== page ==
How Can Ebola Be Stopped?

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It sounds like the perfect script for a horror movie: A virus with no vaccine and no cure kills hundreds of people; despite containment efforts, it keeps spreading.

Real-life virus hunter Dr. Ian Lipkin tells DNews about the feasibility of killer viruses hunting us down.
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But it’s actually all too real in West Africa, where doctors have said Ebola is now “out of control.”

While scientists dig for clues that could help develop medicine or better vaccine, the only prevention technique remains isolation. And despite health care workers who wear hazmat-like suits, use bleach as soap, and burn bedding instead of washing and re-using, the World Health Organization announced today that the virus has killed at least 467 people and spread throughout Guinea, Sierra Leone and Liberia, making this the most deadly and farthest-reaching outbreak of the disease since it first appeared in 1976.

Going Viral: Pandemics in Fiction and Fact

While containment is possible in theory, breaks in protocol compromise the effort -- and are common in countries where both the disease and foreign medical workers are feared. In one Sierra Leone village, residents burned down the treatment center, convinced that the patients were being given medicine that caused the disease. And some patients escape hospitals to hide.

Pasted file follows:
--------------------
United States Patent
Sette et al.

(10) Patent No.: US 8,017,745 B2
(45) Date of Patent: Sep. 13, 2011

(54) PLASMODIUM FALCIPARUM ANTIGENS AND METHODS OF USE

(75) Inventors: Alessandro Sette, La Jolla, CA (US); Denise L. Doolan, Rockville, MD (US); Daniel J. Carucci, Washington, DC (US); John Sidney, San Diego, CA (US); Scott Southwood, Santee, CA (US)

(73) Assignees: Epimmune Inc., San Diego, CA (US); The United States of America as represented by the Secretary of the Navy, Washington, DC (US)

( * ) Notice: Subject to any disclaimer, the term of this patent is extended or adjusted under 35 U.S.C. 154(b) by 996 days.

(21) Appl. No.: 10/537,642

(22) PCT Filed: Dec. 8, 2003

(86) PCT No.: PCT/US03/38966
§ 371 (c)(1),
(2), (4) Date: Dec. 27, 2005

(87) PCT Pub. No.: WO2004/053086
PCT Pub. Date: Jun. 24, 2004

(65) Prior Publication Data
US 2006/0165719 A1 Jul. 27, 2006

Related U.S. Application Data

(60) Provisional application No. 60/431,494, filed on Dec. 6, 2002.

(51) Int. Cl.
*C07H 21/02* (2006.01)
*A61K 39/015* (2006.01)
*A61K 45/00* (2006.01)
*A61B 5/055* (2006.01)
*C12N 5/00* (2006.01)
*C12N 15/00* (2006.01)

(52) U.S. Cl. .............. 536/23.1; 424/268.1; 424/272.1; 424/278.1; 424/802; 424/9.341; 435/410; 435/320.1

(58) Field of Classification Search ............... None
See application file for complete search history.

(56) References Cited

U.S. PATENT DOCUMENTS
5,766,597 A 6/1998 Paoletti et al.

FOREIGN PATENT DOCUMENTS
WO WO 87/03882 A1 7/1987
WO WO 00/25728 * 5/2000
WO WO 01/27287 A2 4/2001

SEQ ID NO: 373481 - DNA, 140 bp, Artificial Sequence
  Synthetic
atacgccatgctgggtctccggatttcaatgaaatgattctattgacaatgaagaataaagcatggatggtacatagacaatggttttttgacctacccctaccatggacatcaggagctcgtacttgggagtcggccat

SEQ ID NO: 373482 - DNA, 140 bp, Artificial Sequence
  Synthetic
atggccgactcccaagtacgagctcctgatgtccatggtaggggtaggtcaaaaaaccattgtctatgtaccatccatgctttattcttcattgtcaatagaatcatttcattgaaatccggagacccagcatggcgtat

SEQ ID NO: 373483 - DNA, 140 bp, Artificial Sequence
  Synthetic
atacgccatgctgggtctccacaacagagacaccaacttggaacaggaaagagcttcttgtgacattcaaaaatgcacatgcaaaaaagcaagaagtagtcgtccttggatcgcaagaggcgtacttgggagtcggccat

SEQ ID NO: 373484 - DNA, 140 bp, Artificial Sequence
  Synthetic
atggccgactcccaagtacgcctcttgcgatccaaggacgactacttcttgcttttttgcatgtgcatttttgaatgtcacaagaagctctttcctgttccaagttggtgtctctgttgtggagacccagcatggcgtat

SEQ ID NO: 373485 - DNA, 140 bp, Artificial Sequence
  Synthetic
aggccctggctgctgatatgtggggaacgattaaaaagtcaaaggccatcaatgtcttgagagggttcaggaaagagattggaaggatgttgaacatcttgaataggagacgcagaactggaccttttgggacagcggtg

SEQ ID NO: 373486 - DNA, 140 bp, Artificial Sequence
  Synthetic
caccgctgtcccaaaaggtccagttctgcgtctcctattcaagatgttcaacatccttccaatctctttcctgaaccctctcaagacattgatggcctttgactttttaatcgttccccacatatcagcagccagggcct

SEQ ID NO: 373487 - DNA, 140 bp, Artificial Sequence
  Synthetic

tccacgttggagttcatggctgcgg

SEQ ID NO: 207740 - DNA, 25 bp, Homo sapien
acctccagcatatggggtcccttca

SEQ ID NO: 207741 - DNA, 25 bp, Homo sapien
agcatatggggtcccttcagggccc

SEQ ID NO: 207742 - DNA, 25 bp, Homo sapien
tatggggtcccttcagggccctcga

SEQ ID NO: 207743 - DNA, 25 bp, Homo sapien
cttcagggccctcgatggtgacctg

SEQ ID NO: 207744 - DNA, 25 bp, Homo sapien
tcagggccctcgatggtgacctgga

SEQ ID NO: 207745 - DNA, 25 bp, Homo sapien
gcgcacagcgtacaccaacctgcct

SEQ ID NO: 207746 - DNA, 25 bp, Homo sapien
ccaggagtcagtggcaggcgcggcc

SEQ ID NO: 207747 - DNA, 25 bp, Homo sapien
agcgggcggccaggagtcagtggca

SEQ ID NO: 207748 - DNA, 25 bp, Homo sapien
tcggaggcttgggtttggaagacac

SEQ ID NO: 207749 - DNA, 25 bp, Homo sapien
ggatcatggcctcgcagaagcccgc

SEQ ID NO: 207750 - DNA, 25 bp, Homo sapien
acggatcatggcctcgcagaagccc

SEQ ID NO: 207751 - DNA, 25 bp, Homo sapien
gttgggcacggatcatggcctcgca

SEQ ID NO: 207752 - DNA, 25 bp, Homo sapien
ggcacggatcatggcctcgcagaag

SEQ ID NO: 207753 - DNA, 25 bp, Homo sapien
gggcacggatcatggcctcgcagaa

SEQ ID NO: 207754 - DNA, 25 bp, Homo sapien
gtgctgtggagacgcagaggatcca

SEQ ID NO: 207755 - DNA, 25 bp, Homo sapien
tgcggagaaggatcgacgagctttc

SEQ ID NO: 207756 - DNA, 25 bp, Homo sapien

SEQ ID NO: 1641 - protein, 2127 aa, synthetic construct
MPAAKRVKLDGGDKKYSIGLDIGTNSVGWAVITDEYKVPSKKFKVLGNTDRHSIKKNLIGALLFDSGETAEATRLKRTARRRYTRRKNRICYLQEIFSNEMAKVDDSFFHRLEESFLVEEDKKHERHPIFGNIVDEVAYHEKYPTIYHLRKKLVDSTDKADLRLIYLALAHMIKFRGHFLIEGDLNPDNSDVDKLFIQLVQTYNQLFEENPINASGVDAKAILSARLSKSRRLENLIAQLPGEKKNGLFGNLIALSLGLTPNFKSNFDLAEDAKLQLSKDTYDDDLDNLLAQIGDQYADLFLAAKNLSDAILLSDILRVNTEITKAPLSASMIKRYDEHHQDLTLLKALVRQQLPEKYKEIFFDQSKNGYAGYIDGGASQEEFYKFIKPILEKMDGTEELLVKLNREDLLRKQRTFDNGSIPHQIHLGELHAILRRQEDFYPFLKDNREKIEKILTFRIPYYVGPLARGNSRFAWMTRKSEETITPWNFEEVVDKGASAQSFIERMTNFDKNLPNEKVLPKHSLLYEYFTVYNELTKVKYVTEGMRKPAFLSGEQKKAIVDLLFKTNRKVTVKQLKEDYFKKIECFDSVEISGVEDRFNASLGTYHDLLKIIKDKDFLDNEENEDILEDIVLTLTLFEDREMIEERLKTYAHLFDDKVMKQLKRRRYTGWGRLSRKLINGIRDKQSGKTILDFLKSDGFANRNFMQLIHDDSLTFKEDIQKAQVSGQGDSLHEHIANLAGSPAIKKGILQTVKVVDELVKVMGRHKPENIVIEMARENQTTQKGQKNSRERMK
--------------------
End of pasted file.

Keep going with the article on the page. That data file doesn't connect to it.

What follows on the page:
“Rumors are rife that if you eat three large onions, for example, you won’t get Ebola -- but if you go to the hospital, you will get it,” said Dan Epstein, a WHO spokesman in Switzerland.

One of the most revered local customs could account for much of the disease's spread, Ebola experts say: Local tradition calls for washing a corpse before it is buried, putting everyone who participates in the ritual in touch with bodily fluids that contain the virus.

What Is Ebola?

“The cultural practices are so deeply imbedded that local people have told health care workers that if they did not adhere to the ablutions (ritual washing of the corpse), they would be shunned by everyone in their family and village,” said Dr. William Schaffner, an infectious disease specialist at Vanderbilt University Medical Center.

Government task forces have run radio and television ads to try to counter the myths, but mistrust of the government can render them ineffective, said Epstein.